Tsujigahana

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Fragment of a Tsujigahana-style kosode with fan roundels, flowering vines, and wild ginger leaves: kanoko shibori, silk-thread embroidery, ink painting (kaki-e), and gold leaf (surihaku) on white plain-weave silk (nerinuki), from the Momoyama period (1568-1615)

Tsujigahana (辻ヶ花) is a Japanese fabric dyeing technique that originated in the Muromachi period.

History[edit]

The name tsujigahana translates to "flowers at the crossroads".[1] Documents from the Muromachi and Momoyama periods use the term to describe garments, but are unclear about whether the term refers to color, motifs, or dyeing methods. During the 20th century, scholars redefined tsujigahana to refer to a specific textile technique that uses stitch-resist dyeing (nuishime shibori) and ink painting to decorate a plain weave, lightweight fabric, often silk. The fabric is often further embellished using embroidery and gold leaf.[2]

Historically, tsujigahana garments were worn by the Japanese upper class during the 16th century. After the death of a man, these garments would have been preserved as family heirlooms. However, for tsujigahana garments owned by women, these garments were often donated to Buddhist temples to pay for the memorial service. Temples deconstructed these garments into individual textile fragments and reconfigured them into temple decorations. During the 19th century, Buddhist temples lost the financial protection of the state, and many temples sold these decorations. They began to circulate on the antiques market, and were often deconstructed into the original fabric panels or fragments.[3]

Tsujigahana is a variety of kimono created by the technique of shibori. The extravagant patterns were rather more picturesque and it was more eye-catching than other ordinary kinds of kimono. Tsujigahana technique is in a shroud of mystery as it is not clearly known who invented it or why it was called Tsujigahana. The technique lasted for two era from Muromachi period to Edo period for about 300 to 400 years. It quickly became forgotten after the rise of Japanese handicrafts technique. But Tsujigahana nevertheless contributed a lot for the decorative art phase in Azuchi-Momoyama period.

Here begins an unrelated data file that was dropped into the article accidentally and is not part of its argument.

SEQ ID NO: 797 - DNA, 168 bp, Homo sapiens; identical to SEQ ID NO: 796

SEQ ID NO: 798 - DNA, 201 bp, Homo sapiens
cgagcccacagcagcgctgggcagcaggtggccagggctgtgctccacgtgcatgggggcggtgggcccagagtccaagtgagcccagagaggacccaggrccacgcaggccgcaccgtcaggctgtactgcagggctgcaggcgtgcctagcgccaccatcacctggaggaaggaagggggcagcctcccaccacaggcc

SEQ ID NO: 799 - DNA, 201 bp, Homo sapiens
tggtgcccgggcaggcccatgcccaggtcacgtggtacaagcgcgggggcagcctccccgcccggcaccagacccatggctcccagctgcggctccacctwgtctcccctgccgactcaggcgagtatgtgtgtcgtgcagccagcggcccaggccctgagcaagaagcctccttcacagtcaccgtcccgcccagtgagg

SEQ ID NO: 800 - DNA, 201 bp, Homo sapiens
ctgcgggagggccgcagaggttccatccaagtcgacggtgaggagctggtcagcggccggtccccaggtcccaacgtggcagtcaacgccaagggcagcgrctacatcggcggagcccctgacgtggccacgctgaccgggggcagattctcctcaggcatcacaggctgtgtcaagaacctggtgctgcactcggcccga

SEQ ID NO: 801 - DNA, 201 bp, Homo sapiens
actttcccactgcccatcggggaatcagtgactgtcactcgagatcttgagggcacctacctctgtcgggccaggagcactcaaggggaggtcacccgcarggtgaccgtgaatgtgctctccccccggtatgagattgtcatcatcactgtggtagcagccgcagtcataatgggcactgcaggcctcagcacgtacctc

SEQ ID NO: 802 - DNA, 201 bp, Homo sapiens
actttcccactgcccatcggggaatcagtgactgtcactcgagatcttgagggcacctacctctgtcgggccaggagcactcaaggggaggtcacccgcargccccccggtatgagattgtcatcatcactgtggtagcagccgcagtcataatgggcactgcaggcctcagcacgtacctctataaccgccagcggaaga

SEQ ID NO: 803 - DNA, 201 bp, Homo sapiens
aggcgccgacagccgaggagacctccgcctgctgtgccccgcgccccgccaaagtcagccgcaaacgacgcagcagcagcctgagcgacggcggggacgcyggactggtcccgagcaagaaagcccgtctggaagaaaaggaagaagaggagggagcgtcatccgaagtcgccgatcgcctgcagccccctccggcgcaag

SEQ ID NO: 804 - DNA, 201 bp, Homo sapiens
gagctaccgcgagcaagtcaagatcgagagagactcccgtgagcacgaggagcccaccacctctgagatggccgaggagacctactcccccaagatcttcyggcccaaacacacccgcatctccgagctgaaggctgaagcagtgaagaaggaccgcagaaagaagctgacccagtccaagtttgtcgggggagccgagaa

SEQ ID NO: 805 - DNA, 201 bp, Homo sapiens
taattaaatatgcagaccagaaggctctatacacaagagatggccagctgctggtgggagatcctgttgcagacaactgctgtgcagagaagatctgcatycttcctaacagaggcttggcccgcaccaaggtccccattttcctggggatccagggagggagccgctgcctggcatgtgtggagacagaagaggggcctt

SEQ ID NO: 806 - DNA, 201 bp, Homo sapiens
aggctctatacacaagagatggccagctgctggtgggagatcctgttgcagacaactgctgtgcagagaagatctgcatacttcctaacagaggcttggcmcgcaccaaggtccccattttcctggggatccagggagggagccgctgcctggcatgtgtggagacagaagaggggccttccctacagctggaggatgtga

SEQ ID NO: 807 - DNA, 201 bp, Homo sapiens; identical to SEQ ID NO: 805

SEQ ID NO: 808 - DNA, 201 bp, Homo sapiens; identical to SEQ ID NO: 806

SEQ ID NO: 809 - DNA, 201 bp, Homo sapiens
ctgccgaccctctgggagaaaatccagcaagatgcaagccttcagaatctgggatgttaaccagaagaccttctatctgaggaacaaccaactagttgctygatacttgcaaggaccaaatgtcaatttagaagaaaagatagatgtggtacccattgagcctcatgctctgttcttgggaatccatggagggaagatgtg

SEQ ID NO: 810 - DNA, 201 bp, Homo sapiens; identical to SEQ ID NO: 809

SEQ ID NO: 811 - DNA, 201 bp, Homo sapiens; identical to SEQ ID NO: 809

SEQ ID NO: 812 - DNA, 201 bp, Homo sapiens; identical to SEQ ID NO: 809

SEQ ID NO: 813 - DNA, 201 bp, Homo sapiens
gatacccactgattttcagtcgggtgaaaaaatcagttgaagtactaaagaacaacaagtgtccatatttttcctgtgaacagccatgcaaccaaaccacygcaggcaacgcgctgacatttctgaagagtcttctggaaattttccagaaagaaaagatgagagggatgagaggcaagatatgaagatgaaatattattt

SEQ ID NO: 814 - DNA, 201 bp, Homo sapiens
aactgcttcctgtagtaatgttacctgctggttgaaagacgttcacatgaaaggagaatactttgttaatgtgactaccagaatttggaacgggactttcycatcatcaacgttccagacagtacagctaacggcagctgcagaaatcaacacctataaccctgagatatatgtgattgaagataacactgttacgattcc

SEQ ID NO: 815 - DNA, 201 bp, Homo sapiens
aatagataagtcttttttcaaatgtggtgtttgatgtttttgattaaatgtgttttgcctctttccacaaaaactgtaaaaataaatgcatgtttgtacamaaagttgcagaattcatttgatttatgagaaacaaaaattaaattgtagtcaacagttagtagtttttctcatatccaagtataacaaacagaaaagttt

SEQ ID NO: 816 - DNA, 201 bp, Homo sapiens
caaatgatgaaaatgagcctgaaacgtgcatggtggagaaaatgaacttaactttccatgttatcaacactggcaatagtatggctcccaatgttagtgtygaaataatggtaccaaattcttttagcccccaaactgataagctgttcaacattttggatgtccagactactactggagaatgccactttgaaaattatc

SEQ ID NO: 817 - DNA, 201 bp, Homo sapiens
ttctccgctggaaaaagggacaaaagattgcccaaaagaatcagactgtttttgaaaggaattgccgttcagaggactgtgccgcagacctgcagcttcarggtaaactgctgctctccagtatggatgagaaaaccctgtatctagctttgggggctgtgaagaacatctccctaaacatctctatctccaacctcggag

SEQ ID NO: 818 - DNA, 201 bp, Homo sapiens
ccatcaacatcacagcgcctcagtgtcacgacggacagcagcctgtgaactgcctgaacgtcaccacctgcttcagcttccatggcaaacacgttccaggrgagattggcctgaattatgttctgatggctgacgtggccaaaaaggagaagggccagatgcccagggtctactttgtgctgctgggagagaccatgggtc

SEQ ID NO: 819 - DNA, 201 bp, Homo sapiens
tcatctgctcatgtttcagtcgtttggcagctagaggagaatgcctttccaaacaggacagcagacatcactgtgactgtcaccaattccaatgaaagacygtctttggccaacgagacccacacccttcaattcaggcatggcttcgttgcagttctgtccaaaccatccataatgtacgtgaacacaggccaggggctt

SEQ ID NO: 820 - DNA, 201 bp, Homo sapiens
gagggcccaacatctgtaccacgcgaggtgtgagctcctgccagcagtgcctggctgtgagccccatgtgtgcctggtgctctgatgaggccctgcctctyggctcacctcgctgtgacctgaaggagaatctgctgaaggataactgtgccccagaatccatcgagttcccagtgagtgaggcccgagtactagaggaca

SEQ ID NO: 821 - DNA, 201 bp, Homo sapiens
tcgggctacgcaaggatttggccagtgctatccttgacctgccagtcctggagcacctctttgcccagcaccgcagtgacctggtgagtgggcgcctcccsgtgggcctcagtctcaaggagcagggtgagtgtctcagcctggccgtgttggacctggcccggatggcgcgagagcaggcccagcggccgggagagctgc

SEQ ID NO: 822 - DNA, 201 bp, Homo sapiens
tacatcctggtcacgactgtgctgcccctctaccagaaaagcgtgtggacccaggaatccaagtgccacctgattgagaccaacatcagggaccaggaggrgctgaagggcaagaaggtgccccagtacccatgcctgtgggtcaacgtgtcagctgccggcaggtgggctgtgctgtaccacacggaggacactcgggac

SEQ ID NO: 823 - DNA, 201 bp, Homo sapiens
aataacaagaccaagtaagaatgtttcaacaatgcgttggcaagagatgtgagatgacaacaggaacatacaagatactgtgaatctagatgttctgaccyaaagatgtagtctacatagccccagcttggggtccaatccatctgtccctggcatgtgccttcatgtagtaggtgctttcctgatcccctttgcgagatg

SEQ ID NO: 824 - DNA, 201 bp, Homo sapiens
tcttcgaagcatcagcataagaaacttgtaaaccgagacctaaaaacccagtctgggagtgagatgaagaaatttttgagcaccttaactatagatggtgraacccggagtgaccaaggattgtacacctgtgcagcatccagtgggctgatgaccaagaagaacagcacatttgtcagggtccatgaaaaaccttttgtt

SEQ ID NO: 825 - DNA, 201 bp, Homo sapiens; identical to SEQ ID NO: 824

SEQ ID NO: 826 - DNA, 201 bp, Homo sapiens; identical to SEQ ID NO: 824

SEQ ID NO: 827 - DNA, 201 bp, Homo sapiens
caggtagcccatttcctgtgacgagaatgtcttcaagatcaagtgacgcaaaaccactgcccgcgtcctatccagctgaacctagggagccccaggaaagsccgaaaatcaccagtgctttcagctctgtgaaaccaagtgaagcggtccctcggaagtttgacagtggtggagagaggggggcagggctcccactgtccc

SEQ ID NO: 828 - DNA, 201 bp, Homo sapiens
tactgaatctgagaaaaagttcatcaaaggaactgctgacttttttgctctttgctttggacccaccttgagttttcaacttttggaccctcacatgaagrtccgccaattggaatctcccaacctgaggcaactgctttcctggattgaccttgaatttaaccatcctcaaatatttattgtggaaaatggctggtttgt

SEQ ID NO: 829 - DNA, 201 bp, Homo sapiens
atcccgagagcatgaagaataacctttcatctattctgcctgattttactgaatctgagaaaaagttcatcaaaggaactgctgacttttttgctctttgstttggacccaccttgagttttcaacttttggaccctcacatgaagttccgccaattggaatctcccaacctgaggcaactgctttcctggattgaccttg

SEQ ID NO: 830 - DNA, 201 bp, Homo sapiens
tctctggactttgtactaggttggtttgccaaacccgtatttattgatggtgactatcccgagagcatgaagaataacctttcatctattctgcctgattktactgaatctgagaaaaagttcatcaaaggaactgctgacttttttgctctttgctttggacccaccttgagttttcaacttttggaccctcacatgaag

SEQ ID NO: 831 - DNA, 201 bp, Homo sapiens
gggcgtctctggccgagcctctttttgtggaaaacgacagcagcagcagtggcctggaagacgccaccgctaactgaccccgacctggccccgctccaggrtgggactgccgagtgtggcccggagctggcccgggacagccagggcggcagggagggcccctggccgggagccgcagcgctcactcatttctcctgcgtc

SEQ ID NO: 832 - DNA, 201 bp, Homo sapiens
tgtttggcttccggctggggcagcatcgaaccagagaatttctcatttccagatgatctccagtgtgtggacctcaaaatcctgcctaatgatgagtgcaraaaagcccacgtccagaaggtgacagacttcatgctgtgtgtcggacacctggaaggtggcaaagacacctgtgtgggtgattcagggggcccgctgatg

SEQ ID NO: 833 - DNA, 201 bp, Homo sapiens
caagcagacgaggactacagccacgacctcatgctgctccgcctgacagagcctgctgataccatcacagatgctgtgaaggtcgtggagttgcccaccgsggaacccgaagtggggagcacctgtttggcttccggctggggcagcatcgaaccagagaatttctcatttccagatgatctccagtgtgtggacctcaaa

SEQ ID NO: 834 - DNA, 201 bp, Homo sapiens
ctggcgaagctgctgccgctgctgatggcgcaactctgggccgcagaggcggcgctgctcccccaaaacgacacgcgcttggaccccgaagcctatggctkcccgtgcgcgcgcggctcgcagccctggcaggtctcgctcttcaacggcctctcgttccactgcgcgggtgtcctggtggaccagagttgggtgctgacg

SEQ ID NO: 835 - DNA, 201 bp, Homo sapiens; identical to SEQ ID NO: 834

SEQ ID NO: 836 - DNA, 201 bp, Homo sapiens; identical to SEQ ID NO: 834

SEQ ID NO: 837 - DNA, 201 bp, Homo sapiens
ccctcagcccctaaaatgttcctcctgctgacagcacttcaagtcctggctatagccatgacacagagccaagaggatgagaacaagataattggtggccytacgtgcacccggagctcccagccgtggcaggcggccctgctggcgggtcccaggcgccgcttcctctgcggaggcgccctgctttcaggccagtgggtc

20th century revival[edit]

The art style was revived by Itchiku Kubota (1917–2003). Although the exact methods for recreating tsujigahana were lost, in 1962, he was able to recreate the style using his own methods, called Itchiku Tsujigahana.[4] His life's work was a series of eighty kimono, known as the Symphony of Light. The series of kimono comprise a panoramic depiction of the four seasons, the oceans, and the universe. Kubota died before completing the collection, and his son, Satoshi Kubota, is continuing the work. Itchiku founded the Itchiku Kubota Art Museum.

References[edit]

Citations[edit]

  1. ^ "縞平絹地草花扇面雪輪雲模様辻が花 裂 | Tsujigahana Textile with Horizontal Stripes, Flowering Plants, Fans, Snowflakes, Clouds, and Bellflowers". The MET. Retrieved 1 April 2019.
  2. ^ Milhaupt 2003, pp. 319–20.
  3. ^ Milhaupt 2003, pp. 321–22.
  4. ^ Harris, Edward (30 March 2018). "'Kimono!' collection coming to Utica". Observer Dispatch. Utica: GateHouse Media LLC. Retrieved 1 April 2019.

Bibliography[edit]

  • Milhaupt, Terry Satsuki (2003). "Tsujigahana Textiles and Their Fabrication". In Murase, Miyeko (ed.). Turning Point: Oribe and the Arts of Sixteenth-Century Japan. Metropolitan Museum of Art. ISBN 1588390969. OCLC 52687969.

External links[edit]